Valkyrie Elysium - Putting The Cart Before The Norse
I get nervous sometimes when I hear a game is coming back after a long hiatus. It seems to be happening a lot more recently, whether it’s companies looking to capitalise on nostalgia for old franchises or trying to refresh a franchise with a new coat of paint and turn it into a new series. It’s a gamble between if it’s being trotted out as a namesake completely divorced from the original ideas, or if it’s a new take that will bring the game into a modern era.
Valkyrie Elysium is one of those games. At a glance, it’s not related by name to the Valkyrie Profile games at all. Hell, it’s been 10 years since our last real Valkyrie Profile game. Hell, it’s not even exactly the genre, with Elysium leaning more into the action RPG than the platformer mixed with turn-based RPG of previous entries.
We’re introduced to the Valkyrie via her awakening which also serves as the tutorial to the game. After a brief description that the All-Father Odin was injured in Ragnarok and needs some help purifying souls so they can help him out with his battle. You’re given access to a bunch of Einherjar, who are purified souls that act as elemental and extra attacks. Post-tutorial they are promptly taken away, and you’ll unlock them and more as the story unfolds.
The Einherjar are purified souls who also have their own little stories which tie in the to the greater story. On the whole, the story is very basic. It doesn’t take a genius to work out what’s going on, and the only interesting blips are the tiny little anecdotes from Hollow Blossoms, little flowers that given the final memories of people when they die which act as the game’s collectibles. That and the conversations between the Einherjar and Valkyrie help flesh out the story but it’s nothing to write home about.
Thankfully the action is great. If the game was longer, I could imagine it being a bit tedious but at its length it doesn’t overstay its welcome. Combat uses a mix between your light and heavy attacks, summoning your Einherjar which do their own attacks but also give elemental effects to your weapons, and eventually using the Valkyrie’s Divine Arts. It’s very fast paced and each individual battle outside of boss fights last only a few moments.
Using the right element on an enemy puts them in a weakened state which allows you to really lay the smack down. Against bosses, you can use the elemental Divine Arts against a weakened enemy to stun for a while for the cost of making them immune for a set time afterward. It’s fun and quick and there’s enough options there to keep things fresh. I will say that the weapons don’t really feel different enough, but they exist and that’s kind of fine in its own way. Just another layer of options.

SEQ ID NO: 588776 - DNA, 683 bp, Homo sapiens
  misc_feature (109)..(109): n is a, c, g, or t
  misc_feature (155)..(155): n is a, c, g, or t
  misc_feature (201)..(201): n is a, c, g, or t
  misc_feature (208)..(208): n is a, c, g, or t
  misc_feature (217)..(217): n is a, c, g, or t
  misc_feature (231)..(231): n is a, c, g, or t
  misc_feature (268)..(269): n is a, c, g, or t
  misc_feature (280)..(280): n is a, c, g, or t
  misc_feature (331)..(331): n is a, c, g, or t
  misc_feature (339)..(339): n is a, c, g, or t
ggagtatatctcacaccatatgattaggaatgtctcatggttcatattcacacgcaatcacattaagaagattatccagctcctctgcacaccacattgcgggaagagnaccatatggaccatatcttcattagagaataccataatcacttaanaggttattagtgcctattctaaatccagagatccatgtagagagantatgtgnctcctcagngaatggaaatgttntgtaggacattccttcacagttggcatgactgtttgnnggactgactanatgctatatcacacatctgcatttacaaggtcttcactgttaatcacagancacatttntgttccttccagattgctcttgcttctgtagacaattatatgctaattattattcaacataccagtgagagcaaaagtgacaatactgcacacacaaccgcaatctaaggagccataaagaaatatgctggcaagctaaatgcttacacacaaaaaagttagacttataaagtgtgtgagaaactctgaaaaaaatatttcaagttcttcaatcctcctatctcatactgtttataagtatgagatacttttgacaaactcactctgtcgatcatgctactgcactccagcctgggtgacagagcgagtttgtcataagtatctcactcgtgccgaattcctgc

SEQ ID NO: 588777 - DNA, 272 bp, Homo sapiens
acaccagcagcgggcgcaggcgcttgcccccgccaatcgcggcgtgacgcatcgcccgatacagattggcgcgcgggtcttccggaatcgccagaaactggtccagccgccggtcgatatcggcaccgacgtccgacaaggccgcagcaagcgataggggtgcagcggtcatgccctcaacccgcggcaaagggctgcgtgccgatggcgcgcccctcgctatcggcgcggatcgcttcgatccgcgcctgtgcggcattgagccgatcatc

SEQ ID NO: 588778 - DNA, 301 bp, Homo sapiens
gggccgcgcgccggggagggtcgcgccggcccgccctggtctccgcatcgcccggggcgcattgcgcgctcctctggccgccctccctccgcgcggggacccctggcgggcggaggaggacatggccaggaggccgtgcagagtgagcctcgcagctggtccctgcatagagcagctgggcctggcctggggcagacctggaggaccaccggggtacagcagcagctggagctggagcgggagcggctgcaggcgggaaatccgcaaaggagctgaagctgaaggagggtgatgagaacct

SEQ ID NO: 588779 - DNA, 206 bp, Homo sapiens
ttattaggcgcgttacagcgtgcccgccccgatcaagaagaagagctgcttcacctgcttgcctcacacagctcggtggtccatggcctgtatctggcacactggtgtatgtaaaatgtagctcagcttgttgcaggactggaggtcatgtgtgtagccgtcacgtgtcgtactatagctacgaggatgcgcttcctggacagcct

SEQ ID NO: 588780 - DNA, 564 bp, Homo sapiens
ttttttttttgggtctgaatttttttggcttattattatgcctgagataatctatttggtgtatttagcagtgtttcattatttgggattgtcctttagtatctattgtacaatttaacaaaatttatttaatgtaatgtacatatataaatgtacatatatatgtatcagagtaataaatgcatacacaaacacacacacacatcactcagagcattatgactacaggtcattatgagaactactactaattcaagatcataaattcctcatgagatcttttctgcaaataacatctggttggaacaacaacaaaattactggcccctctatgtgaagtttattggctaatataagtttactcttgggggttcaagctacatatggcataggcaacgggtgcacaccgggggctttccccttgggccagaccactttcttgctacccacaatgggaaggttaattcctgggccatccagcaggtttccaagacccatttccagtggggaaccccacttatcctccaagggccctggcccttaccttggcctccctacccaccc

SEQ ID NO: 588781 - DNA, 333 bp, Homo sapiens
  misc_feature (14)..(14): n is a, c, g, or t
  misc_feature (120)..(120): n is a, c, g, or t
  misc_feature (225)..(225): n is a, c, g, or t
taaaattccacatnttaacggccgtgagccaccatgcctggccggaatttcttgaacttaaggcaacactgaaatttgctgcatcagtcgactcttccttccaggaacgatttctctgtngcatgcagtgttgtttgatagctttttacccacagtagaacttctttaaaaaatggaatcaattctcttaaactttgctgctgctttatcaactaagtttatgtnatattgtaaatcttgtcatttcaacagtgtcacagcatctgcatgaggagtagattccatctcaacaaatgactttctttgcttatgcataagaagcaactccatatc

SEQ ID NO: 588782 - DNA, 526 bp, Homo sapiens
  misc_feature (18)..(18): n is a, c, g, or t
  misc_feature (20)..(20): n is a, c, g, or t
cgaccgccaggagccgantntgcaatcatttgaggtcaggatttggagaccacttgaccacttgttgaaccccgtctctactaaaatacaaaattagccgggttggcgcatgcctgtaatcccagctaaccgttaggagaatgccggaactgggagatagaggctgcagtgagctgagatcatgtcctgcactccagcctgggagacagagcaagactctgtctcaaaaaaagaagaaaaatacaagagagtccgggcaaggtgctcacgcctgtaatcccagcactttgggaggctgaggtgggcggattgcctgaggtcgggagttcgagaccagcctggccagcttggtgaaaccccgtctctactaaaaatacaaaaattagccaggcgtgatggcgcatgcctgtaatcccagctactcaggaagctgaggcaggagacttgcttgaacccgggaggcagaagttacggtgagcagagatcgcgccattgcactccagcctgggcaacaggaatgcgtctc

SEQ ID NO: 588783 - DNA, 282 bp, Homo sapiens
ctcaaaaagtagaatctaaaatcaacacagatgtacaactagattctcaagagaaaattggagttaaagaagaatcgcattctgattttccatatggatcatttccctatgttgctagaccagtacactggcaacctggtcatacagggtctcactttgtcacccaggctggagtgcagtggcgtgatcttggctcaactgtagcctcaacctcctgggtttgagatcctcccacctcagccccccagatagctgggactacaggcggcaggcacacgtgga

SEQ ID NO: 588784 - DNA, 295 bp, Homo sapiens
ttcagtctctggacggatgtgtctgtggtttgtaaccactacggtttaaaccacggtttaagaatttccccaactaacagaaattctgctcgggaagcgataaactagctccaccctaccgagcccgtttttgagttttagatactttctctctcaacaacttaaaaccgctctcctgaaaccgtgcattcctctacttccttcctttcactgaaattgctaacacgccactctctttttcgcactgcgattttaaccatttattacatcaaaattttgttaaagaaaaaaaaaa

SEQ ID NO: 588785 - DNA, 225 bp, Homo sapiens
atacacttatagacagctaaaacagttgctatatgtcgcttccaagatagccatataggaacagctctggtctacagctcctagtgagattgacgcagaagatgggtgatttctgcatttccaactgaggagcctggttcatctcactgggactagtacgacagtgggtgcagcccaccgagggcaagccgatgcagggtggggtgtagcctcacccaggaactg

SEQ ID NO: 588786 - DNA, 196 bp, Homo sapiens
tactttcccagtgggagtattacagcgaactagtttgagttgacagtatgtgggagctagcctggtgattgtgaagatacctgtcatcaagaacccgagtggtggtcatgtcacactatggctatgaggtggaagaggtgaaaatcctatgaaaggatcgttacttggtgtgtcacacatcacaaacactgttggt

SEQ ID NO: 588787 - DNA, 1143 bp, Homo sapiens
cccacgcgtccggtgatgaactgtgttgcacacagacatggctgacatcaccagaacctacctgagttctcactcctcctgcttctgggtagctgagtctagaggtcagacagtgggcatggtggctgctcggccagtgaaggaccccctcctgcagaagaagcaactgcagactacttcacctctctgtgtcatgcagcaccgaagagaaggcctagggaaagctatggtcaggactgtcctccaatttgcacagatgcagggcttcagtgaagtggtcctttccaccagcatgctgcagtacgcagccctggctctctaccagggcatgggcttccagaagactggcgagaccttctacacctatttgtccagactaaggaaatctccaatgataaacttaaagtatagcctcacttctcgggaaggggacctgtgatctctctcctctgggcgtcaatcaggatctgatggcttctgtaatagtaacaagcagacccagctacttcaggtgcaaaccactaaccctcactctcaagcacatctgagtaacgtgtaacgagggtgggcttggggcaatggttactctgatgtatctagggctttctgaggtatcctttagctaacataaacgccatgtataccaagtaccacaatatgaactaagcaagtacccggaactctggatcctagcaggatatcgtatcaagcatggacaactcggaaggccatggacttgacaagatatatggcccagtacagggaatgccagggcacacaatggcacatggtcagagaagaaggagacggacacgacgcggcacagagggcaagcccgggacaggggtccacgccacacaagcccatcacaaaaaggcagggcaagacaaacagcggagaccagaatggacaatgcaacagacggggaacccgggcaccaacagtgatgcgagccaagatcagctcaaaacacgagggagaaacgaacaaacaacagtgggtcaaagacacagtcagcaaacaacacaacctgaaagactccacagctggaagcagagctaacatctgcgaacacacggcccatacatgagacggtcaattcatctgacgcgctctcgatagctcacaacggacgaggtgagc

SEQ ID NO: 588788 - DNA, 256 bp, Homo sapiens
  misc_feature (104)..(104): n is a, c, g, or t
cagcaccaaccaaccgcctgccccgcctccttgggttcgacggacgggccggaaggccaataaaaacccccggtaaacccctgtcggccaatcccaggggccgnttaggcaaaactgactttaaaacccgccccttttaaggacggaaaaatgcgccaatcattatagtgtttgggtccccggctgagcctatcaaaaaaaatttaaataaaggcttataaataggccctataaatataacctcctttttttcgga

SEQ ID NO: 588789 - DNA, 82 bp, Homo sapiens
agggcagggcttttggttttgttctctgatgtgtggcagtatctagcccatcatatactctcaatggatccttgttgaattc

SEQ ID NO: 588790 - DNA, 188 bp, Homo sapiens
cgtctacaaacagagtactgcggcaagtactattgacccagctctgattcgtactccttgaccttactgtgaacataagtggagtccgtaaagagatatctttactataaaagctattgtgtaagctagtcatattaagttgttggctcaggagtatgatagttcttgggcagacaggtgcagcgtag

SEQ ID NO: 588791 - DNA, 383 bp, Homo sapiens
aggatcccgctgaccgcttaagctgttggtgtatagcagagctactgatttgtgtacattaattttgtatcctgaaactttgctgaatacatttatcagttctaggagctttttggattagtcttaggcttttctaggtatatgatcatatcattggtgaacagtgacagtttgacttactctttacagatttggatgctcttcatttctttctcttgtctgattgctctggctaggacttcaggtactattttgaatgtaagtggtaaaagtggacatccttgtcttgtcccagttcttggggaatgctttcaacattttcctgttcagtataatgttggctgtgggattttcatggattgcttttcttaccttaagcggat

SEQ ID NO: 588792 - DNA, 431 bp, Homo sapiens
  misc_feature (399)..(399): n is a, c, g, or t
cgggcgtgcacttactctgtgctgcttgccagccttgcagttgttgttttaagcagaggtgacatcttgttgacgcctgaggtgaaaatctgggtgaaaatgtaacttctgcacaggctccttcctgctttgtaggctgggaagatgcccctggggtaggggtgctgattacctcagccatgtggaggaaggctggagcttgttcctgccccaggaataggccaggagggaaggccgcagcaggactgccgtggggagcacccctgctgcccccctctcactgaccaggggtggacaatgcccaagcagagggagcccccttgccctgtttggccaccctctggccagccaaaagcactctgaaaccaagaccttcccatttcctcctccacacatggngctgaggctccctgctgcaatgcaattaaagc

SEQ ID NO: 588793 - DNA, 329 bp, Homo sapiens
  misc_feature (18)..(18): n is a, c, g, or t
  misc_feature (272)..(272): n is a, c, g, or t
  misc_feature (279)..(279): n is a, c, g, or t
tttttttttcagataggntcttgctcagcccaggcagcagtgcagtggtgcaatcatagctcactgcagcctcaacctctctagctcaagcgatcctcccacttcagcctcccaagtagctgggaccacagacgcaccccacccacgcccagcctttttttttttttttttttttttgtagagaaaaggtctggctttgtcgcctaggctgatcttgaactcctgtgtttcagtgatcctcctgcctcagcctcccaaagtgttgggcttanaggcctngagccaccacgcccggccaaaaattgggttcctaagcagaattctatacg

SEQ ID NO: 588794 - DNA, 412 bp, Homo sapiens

Progression is handled via a gem system where you can buy Attack, Defense or Support abilities or increases. This, however, is just the illusion of choice. In truth, you’ll likely have enough to buy whatever you want until you get to the roadblock of needing a new currency. You can only get the new currency via progression through the game so realistically it’s just a normal progression system. As it’s a straight skill tree there’s no real option to skip upgrades or create a diverse or interesting build either, so as I said, illusion of choice.
In games, there’s something I keep a good eye out for too. World-building and lore. I wasn’t feeling it here at all. You’re led to believe you’re travelling over a Ragnarok-ruined world, but the levels are quite empty, and despite there being broken walls and buildings it doesn’t feel like a war-torn area. I think this is a huge missed opportunity for the game and I would’ve liked to have really felt the effects of large-scale destruction, but it is what it is.
The levels themselves are pretty linear too. I think for RPGs to nail level design, going off the beaten path should reward exploration. There are a few scant rewards such as the Hollow Blossoms, but they are shown on the map so realistically you’re just trying to solve the puzzle of how to get there rather than actually exploring on your own. Some Divine Arts are found in chests that are on a slightly different path but other than that, there’s no real enticement to not stay on the linear path.
It’s easy to rag on games like Valkyrie Elysium; series that have taken a long hiatus and come back as a different beast. I think there’s actually some good stock here, and despite my complaints I enjoyed my time with the game, and it scratched the itch for an action RPG. I think that shifting the genre is a smart move, as well as slightly changing the name as it encourages new players to give it a try and also harkens back to the series as its core.
Valkyrie Elysium was reviewed on PS5 with a code kindly provided by Square-Enix via distributor, Bandai-Namco Australia